When I was growing up my Nan always had a Tupperware box filled with home made candied orange peels, often dipped in dark chocolate, somewhere at the back of her cupboard. As a treat we would sometimes be allowed a few to snack on, and although the bitter, rich flavours were slightly overwhelming there was something rather exotic and grown-up about nibbling them.
As I got older the box of peels stopped being made, and I would always pass up the (usually expensive) orangettes when choosing chocolates for something containing nuts or alcohol. It was only last year, when the Ewing candied a whole heap of left over orange skins after some Christmas baking, that I realised how good they could taste, and why they often cost so much.
Although not difficult to make, the procedure is pretty time consuming involving several different steps. You need to give yourself the best part of a week from start to finish, which gives you just enough time if you want to make some as Christmas gifts this year.
Orange peels are the most traditional, but on seeing some pink grapefruit on offer while shopping, I decided to try something slightly different. After spending a Sunday morning diligently removing as much pith as I could from the pile of grapefruit peels, the Ewing came downstairs and announced that the pith should be left on as it soften and sweetens during the candying process and helps the peel hold together. No matter, both the 'peeled' peels, and the one with the pith left on, worked equally well.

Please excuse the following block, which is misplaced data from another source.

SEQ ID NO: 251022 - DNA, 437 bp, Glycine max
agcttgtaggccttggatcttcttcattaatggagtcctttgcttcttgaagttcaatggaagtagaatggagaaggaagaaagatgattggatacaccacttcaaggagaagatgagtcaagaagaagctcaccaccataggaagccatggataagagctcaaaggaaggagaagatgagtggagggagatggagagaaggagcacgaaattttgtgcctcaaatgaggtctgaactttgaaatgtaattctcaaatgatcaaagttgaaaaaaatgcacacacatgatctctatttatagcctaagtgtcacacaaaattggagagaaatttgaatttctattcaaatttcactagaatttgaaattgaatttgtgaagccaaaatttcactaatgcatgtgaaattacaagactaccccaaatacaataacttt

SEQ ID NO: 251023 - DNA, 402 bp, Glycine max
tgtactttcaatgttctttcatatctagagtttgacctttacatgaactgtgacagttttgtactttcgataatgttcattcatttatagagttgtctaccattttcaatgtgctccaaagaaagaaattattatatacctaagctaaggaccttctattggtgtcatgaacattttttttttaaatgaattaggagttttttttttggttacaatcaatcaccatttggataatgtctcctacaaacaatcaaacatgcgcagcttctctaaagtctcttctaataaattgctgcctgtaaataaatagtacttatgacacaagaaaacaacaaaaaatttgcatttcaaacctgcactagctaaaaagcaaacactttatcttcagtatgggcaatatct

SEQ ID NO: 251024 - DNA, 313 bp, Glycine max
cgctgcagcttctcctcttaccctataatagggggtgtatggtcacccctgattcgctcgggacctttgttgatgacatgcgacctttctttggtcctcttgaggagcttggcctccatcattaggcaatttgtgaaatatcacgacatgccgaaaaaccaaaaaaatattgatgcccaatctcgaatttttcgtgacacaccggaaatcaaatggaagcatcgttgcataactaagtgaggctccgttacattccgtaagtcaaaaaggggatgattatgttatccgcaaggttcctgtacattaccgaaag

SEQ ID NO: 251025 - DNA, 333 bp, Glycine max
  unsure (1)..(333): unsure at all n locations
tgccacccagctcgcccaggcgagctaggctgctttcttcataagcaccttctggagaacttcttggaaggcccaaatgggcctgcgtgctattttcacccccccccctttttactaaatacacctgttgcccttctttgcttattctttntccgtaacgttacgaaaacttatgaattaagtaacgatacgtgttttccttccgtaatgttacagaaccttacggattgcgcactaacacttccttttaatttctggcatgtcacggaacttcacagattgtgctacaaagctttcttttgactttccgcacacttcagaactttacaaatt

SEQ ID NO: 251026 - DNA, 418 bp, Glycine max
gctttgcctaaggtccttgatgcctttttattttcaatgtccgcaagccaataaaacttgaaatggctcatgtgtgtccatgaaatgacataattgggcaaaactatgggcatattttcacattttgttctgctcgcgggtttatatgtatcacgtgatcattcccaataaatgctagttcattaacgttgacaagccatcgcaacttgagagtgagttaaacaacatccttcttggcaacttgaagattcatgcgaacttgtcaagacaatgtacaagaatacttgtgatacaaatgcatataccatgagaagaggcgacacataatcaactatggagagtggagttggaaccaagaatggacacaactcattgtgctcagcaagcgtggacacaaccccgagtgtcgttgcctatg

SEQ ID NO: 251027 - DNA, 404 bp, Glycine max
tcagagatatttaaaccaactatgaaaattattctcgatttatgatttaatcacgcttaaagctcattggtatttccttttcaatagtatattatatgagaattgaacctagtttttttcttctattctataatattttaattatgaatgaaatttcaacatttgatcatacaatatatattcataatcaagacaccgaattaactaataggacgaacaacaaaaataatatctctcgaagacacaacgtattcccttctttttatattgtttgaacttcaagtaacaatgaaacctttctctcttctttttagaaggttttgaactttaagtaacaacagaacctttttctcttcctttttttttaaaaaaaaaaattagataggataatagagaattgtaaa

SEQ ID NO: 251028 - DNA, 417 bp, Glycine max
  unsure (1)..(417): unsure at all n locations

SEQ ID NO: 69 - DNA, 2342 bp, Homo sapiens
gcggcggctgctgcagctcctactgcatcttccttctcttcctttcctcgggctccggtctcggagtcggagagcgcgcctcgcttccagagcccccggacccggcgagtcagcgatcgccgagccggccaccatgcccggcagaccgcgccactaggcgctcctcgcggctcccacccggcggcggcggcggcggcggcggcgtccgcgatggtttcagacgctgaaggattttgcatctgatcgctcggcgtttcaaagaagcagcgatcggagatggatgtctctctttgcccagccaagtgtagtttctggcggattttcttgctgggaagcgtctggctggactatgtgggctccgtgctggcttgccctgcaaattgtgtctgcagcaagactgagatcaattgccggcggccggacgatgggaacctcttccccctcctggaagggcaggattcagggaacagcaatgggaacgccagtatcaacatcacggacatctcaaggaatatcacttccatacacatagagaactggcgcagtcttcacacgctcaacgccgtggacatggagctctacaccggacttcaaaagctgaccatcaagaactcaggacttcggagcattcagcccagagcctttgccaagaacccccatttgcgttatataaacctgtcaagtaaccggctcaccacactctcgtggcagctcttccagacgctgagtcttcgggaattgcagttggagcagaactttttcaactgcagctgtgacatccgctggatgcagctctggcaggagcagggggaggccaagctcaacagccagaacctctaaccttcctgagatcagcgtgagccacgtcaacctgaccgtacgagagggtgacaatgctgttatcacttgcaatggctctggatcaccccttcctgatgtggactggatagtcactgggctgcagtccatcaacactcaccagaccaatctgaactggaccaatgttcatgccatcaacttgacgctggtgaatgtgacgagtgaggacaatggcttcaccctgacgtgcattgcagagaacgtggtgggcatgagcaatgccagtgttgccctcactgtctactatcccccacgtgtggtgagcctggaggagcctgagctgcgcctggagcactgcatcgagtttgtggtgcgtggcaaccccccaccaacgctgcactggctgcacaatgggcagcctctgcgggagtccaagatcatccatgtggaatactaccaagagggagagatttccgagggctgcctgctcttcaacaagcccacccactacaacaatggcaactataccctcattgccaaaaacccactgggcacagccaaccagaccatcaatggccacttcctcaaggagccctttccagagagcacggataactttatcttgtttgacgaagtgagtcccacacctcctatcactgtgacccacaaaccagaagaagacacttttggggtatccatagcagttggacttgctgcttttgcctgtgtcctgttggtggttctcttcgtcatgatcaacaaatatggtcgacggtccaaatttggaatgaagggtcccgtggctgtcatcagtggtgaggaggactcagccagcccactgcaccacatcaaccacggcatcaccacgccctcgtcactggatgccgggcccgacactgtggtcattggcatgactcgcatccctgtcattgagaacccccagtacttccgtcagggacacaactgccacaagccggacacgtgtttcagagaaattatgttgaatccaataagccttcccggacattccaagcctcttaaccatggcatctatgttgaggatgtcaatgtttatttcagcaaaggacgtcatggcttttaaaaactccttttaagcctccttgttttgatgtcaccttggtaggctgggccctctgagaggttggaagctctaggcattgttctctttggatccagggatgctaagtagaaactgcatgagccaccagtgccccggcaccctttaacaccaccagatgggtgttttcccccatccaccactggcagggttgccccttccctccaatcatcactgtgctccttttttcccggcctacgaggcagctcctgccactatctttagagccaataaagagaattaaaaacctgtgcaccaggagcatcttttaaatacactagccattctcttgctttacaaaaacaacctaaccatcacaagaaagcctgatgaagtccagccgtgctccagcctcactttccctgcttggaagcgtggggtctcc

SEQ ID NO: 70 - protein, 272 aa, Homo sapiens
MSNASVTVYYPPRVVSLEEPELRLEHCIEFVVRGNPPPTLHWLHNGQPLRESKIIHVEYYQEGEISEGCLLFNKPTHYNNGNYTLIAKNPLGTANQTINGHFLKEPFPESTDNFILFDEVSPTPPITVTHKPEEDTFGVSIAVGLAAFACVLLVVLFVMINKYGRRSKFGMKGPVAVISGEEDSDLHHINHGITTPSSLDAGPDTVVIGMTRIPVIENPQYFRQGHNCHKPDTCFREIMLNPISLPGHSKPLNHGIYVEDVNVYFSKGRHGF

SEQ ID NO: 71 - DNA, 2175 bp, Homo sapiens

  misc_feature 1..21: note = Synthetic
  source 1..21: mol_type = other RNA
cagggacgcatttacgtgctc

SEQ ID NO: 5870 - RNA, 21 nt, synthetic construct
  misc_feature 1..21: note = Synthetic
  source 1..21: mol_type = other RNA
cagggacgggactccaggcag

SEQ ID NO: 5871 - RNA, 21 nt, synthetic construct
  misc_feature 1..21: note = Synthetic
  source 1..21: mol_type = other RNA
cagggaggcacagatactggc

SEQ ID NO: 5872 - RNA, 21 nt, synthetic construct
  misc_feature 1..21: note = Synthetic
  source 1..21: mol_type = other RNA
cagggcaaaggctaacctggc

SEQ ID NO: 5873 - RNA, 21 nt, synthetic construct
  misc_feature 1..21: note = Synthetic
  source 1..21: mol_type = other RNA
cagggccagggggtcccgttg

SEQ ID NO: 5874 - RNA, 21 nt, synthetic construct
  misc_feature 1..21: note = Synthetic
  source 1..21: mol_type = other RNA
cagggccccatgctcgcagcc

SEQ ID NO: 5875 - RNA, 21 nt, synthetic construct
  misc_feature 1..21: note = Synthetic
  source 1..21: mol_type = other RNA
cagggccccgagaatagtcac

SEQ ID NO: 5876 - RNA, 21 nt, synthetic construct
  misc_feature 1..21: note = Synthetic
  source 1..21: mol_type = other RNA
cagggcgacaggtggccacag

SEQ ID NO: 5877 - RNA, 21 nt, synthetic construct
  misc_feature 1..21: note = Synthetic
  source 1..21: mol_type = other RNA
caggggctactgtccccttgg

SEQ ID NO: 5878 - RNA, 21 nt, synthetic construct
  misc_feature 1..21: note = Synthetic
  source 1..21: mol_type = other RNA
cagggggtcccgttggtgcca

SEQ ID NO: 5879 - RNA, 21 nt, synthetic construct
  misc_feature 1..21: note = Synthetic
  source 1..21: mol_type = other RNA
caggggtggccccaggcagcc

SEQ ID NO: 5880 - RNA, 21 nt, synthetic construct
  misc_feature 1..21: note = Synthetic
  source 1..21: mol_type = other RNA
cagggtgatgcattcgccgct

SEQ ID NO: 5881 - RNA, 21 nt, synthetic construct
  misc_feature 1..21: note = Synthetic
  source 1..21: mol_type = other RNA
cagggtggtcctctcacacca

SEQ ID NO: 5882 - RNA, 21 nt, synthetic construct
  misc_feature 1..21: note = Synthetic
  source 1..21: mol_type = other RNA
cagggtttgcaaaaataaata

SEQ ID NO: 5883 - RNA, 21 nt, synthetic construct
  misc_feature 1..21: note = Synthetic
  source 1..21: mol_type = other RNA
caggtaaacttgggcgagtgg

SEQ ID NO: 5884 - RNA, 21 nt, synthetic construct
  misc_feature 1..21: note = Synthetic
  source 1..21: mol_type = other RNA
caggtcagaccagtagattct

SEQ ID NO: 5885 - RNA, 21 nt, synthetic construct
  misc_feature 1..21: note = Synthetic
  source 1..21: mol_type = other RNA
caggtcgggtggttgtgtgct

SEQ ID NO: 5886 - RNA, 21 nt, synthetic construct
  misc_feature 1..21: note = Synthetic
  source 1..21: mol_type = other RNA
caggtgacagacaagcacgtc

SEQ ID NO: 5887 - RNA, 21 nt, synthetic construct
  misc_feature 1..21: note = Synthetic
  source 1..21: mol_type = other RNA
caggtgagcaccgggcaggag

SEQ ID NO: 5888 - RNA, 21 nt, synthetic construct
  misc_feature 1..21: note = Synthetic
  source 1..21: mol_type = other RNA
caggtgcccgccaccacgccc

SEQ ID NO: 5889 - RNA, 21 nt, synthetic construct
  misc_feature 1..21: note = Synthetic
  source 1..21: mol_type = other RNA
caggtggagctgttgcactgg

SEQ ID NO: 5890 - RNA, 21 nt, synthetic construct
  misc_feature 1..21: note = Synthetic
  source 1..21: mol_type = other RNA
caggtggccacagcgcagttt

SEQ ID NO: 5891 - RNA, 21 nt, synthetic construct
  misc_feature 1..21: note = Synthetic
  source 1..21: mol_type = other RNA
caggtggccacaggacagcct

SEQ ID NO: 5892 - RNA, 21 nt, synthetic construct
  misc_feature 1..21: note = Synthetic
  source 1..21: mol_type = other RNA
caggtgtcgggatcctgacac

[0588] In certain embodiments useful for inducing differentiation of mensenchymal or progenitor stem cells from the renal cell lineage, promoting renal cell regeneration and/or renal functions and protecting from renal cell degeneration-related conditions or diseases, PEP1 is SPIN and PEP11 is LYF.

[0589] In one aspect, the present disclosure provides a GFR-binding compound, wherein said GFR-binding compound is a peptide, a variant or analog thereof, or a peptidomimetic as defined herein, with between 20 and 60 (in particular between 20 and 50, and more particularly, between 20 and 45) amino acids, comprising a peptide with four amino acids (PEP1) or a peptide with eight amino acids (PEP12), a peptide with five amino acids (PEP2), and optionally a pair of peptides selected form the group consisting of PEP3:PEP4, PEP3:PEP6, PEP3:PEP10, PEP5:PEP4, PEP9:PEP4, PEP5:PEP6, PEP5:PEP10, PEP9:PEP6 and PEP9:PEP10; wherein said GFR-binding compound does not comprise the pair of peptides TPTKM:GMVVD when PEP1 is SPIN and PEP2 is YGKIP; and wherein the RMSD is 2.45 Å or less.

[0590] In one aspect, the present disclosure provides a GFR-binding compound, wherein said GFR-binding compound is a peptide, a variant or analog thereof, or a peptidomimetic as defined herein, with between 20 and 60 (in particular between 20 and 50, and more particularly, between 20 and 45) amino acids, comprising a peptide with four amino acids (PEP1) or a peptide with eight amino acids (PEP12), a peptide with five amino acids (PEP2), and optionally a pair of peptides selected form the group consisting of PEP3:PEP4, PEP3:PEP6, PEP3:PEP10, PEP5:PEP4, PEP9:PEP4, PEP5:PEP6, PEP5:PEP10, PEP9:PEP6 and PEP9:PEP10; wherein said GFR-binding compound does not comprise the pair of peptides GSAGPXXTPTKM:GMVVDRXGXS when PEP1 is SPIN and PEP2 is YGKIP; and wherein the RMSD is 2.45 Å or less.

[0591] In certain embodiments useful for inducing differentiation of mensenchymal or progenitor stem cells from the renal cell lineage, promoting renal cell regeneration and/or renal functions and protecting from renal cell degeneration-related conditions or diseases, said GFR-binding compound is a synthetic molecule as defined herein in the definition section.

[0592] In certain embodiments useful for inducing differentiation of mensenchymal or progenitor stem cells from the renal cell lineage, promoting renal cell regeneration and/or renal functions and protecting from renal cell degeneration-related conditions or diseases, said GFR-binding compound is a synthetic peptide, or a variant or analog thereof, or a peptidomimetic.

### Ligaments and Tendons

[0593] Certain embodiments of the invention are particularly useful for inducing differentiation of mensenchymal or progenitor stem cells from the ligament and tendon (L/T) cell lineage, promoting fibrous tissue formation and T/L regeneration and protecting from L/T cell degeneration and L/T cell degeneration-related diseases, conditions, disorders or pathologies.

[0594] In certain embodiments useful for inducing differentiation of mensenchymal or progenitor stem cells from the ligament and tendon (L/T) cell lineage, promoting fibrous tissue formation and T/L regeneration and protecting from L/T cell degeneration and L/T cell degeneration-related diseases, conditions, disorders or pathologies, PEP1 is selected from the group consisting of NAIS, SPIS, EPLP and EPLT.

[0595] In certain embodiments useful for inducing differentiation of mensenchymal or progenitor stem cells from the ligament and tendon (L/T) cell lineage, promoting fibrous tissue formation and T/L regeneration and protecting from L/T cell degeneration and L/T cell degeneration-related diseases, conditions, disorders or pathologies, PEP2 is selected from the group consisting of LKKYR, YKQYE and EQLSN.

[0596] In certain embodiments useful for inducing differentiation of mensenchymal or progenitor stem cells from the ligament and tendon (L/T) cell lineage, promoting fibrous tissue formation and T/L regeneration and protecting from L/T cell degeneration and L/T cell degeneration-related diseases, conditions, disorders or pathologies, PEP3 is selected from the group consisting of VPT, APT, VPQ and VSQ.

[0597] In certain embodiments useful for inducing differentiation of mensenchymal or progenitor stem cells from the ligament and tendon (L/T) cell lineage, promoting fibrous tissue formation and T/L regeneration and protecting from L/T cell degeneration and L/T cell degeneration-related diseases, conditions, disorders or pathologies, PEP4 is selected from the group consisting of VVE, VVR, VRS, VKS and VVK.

After the blanching, boiling, candying and drying processes were complete I decided to half dip some of them in a mixture of milk and dark chocolate, and then finished with a sprinkle of pink Murray River salt flakes (obviously you could substitute any salt flakes, I just had some left from a trip to Australia, and it continued the 'pink' theme). As well as being the trendy thing to mix with chocolate the salt also reduces the bitterness in the grapefruit peel (as seen by some cultures adding salt to their coffee or Heston's tonic trick).
So, a bit of a labour of love, but well worth the effort. The final candied peel is zesty and sweet with a pleasing bitter finish and an added dimension from the chocolate, which pairs very well with citrus flavours. As an added bonus I chopped up the smaller pieces to use as mixed peel in fruit cakes and biscotti, far nicer than the tasteless, tough, dried lumps you buy in most supermarkets. The Ewing even managed to salvage a jar of the left over, thickened boiling syrup, full of little pieces of grapefruit flesh and zest, to use as a marmalade.
Chocolate Dipped Candied Grapefruit
8-10 pink grapefruit,
150g milk chocolate
150g dark chocolate
Sea salt flakes or caster sugar to finish
Scrub and peel the grapefruit, leaving the pith on, and cut peel into strips.
Place the peel in a large pan, cover with cold water and bring to the boil. Drain and repeat process twice more. This helps to remove some bitterness from the peels.
Cover the peel with two litres of cold water and bring to the boil again. This time simmer, covered, for about 45 minutes, or until the peels ate soft and translucent.
Add the sugar, stir until it's dissolved and simmer again, covered, for another 45 minutes.
Remove from heat and allow to stand for 24 hours.
Remove the lid and bring the pan to the boil again, boiling for about 30 minutes, or until most the liquid had evaporated and the peel is covered with a thick, bubbling syrup (be careful it doesn't burn).
Cool and then place sticks of peel on a wire rack and leave somewhere warm (by a radiator or in the airing cupboard) until dry (about 48 hours).
Melt chocolate in microwave or in a double boiler and then half dip the grapefruit sticks in the melted chocolate. Place on greaseproof paper, top with a sprinkle of sea salt flakes and leave until set.
Alternatively roll the peel in caster sugar and use in baking.
This will make quite a few sticks. Halve the recipe if you want, although they keep very well for a few months undipped, and a few weeks when dipped.